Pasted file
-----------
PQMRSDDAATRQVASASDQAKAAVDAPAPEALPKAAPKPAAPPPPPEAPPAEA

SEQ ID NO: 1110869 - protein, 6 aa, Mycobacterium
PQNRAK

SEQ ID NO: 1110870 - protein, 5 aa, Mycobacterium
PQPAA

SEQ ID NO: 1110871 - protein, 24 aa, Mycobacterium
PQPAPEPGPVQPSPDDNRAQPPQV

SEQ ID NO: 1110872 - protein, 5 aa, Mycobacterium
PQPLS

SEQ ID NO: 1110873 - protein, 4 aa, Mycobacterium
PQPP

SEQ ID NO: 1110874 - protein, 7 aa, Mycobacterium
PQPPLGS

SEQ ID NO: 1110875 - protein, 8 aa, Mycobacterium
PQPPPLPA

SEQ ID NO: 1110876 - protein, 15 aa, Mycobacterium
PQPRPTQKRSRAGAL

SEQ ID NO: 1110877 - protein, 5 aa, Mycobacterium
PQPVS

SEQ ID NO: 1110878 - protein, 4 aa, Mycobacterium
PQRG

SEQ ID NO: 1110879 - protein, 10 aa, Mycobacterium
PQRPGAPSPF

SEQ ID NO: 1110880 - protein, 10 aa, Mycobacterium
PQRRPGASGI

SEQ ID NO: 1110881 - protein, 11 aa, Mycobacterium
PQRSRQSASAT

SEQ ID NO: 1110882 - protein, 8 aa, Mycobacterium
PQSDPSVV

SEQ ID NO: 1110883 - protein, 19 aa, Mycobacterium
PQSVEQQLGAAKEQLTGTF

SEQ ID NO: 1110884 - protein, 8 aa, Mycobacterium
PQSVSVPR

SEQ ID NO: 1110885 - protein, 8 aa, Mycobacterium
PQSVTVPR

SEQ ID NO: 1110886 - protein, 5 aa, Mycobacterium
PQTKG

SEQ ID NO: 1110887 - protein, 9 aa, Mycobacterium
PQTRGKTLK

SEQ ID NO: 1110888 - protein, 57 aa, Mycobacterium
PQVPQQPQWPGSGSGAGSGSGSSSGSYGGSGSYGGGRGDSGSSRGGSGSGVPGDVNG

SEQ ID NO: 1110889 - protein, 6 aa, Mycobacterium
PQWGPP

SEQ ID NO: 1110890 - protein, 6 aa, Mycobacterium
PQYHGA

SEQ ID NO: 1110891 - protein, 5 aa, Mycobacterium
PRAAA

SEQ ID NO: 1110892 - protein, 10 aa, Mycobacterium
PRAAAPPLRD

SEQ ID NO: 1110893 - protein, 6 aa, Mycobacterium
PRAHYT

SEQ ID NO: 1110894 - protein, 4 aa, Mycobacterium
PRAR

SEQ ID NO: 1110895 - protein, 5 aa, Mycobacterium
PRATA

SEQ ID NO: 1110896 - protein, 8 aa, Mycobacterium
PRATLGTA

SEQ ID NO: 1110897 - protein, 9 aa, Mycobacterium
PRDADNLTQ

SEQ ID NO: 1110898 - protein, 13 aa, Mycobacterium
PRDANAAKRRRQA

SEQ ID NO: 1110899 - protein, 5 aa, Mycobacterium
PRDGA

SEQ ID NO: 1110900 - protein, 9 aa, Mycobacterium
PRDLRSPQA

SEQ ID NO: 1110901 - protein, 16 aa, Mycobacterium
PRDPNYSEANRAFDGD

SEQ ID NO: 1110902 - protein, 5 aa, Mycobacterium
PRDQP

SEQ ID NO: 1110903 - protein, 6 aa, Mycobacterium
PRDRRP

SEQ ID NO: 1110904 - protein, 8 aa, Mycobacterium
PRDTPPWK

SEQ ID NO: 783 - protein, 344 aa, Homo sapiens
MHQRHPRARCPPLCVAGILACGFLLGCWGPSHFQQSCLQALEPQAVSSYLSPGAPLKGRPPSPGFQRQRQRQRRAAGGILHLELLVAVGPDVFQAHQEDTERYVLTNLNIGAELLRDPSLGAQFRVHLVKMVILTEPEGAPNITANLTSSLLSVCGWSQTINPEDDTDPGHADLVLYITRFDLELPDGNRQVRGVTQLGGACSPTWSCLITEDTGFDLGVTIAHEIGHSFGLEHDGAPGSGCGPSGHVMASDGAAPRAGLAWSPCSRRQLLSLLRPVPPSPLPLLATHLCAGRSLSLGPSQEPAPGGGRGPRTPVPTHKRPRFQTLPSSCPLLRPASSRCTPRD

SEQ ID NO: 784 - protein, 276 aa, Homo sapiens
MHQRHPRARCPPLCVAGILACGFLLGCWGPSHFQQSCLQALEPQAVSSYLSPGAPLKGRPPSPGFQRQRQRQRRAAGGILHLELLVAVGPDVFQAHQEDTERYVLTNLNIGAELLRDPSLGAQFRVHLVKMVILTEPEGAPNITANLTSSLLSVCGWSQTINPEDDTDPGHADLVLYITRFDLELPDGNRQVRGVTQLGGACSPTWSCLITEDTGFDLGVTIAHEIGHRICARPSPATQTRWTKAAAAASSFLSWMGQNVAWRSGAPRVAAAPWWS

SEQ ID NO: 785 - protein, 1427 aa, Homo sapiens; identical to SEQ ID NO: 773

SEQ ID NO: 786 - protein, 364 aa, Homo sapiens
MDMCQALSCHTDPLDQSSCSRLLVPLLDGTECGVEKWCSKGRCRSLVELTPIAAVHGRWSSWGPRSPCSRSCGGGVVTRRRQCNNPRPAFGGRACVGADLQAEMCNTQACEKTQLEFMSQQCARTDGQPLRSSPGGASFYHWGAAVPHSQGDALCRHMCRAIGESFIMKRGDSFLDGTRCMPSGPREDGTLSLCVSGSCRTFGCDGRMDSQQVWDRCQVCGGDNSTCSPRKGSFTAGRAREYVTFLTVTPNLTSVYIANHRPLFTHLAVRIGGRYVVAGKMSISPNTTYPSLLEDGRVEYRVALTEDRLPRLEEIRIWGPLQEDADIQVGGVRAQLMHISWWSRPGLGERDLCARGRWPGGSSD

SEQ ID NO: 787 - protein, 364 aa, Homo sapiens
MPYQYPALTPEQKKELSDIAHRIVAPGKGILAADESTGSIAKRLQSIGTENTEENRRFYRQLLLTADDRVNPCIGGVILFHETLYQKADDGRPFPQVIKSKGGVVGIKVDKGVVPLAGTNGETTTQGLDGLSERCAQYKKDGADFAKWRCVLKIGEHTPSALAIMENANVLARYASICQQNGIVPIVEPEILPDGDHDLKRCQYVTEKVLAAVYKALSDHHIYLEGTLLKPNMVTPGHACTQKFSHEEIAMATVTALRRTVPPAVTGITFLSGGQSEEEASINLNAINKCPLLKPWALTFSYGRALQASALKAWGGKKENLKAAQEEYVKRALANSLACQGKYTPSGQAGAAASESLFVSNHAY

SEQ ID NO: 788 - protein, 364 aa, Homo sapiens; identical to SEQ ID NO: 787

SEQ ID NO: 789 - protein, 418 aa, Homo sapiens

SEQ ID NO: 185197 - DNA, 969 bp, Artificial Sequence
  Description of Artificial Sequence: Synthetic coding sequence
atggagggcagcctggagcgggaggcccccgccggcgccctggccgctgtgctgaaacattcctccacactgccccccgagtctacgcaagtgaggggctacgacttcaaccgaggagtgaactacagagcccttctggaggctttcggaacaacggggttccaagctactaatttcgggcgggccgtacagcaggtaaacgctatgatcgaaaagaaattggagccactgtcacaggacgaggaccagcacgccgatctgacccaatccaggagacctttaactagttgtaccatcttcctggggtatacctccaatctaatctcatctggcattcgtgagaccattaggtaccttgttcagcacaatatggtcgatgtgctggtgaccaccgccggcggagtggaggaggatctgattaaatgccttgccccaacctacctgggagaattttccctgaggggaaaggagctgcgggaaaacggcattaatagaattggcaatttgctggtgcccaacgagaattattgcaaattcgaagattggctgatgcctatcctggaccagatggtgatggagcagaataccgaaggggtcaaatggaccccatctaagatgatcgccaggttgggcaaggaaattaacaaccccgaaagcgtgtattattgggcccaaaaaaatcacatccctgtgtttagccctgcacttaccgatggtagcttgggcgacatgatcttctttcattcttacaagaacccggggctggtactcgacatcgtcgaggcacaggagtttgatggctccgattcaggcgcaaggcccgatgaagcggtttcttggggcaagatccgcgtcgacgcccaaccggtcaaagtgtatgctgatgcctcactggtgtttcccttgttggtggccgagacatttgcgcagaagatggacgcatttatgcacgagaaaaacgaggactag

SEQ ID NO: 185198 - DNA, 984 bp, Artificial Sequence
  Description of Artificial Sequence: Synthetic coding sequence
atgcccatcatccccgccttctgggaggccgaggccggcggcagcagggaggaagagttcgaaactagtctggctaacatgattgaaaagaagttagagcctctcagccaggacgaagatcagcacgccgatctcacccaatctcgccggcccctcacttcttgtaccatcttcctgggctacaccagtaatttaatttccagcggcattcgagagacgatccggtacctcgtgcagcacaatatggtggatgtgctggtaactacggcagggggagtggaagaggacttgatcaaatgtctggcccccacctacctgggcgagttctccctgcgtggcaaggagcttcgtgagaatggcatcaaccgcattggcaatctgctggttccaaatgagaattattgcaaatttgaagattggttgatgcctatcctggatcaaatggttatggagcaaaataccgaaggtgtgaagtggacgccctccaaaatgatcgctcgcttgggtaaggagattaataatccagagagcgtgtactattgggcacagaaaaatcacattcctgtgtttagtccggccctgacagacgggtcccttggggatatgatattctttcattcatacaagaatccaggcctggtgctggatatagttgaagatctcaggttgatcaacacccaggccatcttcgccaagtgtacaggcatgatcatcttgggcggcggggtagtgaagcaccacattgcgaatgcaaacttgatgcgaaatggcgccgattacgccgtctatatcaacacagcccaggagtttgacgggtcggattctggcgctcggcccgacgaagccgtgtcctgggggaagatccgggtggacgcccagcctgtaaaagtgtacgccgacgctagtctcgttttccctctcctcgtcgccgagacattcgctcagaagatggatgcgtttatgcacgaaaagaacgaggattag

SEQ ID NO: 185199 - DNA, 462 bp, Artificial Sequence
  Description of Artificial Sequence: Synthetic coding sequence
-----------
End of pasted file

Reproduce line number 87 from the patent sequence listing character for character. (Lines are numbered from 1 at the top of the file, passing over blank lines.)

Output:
atggagggcagcctggagcgggaggcccccgccggcgccctggccgctgtgctgaaacattcctccacactgccccccgagtctacgcaagtgaggggctacgacttcaaccgaggagtgaactacagagcccttctggaggctttcggaacaacggggttccaagctactaatttcgggcgggccgtacagcaggtaaacgctatgatcgaaaagaaattggagccactgtcacaggacgaggaccagcacgccgatctgacccaatccaggagacctttaactagttgtaccatcttcctggggtatacctccaatctaatctcatctggcattcgtgagaccattaggtaccttgttcagcacaatatggtcgatgtgctggtgaccaccgccggcggagtggaggaggatctgattaaatgccttgccccaacctacctgggagaattttccctgaggggaaaggagctgcgggaaaacggcattaatagaattggcaatttgctggtgcccaacgagaattattgcaaattcgaagattggctgatgcctatcctggaccagatggtgatggagcagaataccgaaggggtcaaatggaccccatctaagatgatcgccaggttgggcaaggaaattaacaaccccgaaagcgtgtattattgggcccaaaaaaatcacatccctgtgtttagccctgcacttaccgatggtagcttgggcgacatgatcttctttcattcttacaagaacccggggctggtactcgacatcgtcgaggcacaggagtttgatggctccgattcaggcgcaaggcccgatgaagcggtttcttggggcaagatccgcgtcgacgcccaaccggtcaaagtgtatgctgatgcctcactggtgtttcccttgttggtggccgagacatttgcgcagaagatggacgcatttatgcacgagaaaaacgaggactag